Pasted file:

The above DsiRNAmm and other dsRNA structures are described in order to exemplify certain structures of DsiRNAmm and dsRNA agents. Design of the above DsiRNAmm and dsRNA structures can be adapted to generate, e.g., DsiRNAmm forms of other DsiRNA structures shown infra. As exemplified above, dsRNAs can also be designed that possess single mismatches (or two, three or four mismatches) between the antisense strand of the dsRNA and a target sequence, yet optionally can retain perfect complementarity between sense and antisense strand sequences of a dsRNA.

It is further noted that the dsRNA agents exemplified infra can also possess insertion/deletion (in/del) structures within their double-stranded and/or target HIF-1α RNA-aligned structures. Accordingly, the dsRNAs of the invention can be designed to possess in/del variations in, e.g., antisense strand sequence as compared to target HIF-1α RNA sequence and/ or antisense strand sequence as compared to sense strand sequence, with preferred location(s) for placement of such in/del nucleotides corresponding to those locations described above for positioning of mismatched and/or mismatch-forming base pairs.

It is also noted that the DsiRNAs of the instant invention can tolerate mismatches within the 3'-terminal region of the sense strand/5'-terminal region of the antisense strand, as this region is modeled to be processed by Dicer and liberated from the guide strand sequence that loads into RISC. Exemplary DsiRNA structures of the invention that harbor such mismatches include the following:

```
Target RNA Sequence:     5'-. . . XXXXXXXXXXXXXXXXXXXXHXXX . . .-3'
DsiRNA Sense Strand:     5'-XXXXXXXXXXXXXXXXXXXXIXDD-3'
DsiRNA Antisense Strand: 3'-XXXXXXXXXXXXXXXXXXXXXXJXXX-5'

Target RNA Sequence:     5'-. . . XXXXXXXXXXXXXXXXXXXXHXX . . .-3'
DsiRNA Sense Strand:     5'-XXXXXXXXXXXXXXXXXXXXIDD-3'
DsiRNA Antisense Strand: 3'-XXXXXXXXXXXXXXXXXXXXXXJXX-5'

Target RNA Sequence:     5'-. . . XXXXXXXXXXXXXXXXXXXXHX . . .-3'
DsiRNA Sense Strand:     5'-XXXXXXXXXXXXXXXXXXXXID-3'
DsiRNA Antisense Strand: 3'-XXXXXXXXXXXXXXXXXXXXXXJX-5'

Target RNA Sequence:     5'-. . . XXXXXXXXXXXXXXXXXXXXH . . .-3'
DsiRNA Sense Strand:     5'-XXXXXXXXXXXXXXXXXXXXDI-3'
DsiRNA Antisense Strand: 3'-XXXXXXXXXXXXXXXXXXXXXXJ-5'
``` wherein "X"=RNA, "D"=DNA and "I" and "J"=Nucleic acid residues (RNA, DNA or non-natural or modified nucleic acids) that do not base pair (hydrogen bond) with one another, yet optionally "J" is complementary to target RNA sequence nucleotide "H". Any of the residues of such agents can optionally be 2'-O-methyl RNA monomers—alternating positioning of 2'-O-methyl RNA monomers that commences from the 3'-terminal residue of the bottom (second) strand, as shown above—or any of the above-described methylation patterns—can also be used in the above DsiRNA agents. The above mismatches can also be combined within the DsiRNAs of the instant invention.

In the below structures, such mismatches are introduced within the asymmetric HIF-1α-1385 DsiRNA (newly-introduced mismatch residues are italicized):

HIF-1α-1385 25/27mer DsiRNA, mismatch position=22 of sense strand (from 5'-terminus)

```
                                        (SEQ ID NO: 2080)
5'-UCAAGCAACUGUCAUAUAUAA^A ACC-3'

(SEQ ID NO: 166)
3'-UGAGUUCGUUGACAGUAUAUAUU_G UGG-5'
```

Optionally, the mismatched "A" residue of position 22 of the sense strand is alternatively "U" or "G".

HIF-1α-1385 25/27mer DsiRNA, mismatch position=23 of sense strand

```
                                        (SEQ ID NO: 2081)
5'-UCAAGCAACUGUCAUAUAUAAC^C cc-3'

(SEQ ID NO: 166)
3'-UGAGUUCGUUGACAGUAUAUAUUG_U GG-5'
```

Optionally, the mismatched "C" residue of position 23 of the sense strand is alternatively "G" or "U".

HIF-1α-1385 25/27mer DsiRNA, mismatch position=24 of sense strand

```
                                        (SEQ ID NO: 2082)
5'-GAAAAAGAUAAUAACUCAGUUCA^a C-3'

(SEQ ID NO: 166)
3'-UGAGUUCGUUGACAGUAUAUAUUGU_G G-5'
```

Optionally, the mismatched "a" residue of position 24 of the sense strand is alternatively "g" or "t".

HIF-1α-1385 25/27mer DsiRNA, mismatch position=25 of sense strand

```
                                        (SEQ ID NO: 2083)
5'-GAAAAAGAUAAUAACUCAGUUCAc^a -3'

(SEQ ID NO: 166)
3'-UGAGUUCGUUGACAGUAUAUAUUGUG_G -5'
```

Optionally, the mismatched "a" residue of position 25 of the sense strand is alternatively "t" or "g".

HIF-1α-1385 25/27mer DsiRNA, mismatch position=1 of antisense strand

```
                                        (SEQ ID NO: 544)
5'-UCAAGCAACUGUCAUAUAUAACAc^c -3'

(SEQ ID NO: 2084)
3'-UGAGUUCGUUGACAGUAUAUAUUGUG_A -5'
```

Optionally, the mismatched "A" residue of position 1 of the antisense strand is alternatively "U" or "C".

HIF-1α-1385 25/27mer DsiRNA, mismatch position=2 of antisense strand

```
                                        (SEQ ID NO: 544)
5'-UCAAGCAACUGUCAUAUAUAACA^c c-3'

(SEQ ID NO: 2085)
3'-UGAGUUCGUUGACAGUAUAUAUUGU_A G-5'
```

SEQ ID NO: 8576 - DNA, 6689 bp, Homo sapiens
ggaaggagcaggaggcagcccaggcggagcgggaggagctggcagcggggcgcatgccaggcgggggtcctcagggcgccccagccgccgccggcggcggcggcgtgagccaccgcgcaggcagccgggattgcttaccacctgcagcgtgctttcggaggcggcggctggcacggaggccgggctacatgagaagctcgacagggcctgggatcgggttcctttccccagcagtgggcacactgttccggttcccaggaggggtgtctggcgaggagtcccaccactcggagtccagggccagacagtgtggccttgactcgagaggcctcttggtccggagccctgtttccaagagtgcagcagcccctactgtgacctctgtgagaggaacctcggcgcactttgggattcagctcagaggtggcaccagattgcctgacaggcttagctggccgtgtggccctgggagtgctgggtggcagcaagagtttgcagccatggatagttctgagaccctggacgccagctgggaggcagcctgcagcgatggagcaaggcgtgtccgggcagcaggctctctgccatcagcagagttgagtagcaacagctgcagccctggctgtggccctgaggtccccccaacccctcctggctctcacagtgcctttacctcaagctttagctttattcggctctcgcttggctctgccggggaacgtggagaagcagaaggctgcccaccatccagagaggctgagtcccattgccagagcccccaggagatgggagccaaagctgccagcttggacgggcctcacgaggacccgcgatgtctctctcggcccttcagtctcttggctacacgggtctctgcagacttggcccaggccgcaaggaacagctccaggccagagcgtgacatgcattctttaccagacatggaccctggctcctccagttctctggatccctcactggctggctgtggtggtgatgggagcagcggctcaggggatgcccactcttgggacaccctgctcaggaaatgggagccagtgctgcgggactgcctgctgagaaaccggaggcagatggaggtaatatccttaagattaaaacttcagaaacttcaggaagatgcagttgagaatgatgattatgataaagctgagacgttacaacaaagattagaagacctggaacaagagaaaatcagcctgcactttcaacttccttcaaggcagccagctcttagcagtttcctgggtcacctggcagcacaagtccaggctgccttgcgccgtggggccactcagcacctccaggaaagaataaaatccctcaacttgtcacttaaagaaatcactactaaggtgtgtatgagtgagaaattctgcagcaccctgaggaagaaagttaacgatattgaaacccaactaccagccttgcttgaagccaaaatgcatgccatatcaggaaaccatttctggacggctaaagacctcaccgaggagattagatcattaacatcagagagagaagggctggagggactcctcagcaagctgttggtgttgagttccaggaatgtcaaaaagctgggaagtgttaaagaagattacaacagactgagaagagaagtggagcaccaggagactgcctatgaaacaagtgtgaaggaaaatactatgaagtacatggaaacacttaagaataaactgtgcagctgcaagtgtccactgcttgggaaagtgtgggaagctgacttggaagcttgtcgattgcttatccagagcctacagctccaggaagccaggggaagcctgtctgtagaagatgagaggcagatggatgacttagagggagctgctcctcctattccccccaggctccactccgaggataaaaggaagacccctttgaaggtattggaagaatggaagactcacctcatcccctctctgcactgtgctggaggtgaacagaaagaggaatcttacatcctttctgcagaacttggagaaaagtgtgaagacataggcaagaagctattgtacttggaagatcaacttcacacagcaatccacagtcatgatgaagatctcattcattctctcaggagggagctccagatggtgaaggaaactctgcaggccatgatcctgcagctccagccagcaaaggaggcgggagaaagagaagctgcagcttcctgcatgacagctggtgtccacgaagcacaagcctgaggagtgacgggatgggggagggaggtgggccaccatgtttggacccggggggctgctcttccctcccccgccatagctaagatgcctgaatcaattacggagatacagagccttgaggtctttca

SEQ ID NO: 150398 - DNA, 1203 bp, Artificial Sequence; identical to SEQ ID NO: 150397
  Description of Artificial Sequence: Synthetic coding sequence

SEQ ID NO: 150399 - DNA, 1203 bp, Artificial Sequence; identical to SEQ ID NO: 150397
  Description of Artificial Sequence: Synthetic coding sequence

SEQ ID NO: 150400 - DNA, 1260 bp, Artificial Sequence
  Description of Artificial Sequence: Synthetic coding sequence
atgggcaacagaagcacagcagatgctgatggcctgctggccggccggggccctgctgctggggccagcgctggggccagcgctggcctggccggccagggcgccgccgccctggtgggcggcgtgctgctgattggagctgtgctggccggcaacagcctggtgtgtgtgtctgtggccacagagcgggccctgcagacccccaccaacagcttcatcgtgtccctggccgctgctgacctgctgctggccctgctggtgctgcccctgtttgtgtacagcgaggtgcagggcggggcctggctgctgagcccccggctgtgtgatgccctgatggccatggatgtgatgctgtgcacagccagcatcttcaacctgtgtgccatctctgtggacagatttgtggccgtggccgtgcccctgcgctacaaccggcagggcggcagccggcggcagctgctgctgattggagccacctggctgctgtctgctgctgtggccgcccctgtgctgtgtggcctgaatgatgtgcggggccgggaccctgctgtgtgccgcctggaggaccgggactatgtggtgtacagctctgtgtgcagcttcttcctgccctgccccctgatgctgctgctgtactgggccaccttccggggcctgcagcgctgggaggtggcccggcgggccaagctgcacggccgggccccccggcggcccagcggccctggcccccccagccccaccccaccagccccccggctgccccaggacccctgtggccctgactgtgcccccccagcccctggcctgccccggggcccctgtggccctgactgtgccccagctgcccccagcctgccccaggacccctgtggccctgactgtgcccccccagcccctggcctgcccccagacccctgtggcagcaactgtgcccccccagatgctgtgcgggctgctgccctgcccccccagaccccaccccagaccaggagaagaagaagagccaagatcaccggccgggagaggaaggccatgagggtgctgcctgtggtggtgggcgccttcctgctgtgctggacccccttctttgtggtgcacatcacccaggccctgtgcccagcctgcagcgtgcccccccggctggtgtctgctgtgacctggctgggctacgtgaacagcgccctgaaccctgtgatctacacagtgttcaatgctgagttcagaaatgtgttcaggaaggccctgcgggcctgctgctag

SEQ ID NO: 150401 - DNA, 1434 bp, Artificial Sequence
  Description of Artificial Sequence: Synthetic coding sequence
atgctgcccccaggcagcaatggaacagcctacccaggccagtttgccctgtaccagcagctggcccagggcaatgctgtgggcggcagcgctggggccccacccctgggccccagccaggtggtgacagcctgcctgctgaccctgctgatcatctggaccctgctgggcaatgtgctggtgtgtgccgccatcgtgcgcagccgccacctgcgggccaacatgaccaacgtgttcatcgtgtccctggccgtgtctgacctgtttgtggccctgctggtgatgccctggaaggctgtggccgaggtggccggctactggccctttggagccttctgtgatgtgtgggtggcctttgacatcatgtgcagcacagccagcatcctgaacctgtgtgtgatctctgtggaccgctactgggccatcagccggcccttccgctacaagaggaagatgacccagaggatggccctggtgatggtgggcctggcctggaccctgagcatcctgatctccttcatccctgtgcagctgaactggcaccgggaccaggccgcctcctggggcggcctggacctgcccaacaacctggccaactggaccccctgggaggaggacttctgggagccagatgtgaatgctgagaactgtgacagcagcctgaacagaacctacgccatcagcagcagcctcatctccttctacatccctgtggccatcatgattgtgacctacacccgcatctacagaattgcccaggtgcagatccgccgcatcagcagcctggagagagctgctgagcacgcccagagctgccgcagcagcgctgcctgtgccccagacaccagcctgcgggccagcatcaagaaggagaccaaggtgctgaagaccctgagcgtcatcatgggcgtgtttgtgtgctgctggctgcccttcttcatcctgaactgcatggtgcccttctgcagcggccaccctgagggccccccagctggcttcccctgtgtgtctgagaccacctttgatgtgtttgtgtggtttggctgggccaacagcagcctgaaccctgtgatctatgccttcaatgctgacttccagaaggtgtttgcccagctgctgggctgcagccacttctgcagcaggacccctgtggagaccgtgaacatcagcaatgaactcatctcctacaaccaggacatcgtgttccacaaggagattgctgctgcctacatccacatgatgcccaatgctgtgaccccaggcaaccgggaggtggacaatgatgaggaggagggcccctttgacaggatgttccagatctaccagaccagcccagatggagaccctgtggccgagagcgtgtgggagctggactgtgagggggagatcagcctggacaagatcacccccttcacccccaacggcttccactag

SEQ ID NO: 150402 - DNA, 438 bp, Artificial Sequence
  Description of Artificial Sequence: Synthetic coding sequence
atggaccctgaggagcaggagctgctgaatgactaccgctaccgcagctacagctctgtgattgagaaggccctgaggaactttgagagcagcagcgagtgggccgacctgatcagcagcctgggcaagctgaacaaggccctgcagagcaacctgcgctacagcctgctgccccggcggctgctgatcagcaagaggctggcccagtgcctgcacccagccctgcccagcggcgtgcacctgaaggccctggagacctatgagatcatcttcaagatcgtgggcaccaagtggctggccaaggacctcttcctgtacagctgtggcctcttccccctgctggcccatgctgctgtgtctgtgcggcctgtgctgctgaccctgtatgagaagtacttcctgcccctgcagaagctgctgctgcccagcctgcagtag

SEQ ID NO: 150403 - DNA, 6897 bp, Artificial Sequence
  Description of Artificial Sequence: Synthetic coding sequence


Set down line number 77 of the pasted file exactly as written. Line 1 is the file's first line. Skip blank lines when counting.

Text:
atgctgcccccaggcagcaatggaacagcctacccaggccagtttgccctgtaccagcagctggcccagggcaatgctgtgggcggcagcgctggggccccacccctgggccccagccaggtggtgacagcctgcctgctgaccctgctgatcatctggaccctgctgggcaatgtgctggtgtgtgccgccatcgtgcgcagccgccacctgcgggccaacatgaccaacgtgttcatcgtgtccctggccgtgtctgacctgtttgtggccctgctggtgatgccctggaaggctgtggccgaggtggccggctactggccctttggagccttctgtgatgtgtgggtggcctttgacatcatgtgcagcacagccagcatcctgaacctgtgtgtgatctctgtggaccgctactgggccatcagccggcccttccgctacaagaggaagatgacccagaggatggccctggtgatggtgggcctggcctggaccctgagcatcctgatctccttcatccctgtgcagctgaactggcaccgggaccaggccgcctcctggggcggcctggacctgcccaacaacctggccaactggaccccctgggaggaggacttctgggagccagatgtgaatgctgagaactgtgacagcagcctgaacagaacctacgccatcagcagcagcctcatctccttctacatccctgtggccatcatgattgtgacctacacccgcatctacagaattgcccaggtgcagatccgccgcatcagcagcctggagagagctgctgagcacgcccagagctgccgcagcagcgctgcctgtgccccagacaccagcctgcgggccagcatcaagaaggagaccaaggtgctgaagaccctgagcgtcatcatgggcgtgtttgtgtgctgctggctgcccttcttcatcctgaactgcatggtgcccttctgcagcggccaccctgagggccccccagctggcttcccctgtgtgtctgagaccacctttgatgtgtttgtgtggtttggctgggccaacagcagcctgaaccctgtgatctatgccttcaatgctgacttccagaaggtgtttgcccagctgctgggctgcagccacttctgcagcaggacccctgtggagaccgtgaacatcagcaatgaactcatctcctacaaccaggacatcgtgttccacaaggagattgctgctgcctacatccacatgatgcccaatgctgtgaccccaggcaaccgggaggtggacaatgatgaggaggagggcccctttgacaggatgttccagatctaccagaccagcccagatggagaccctgtggccgagagcgtgtgggagctggactgtgagggggagatcagcctggacaagatcacccccttcacccccaacggcttccactag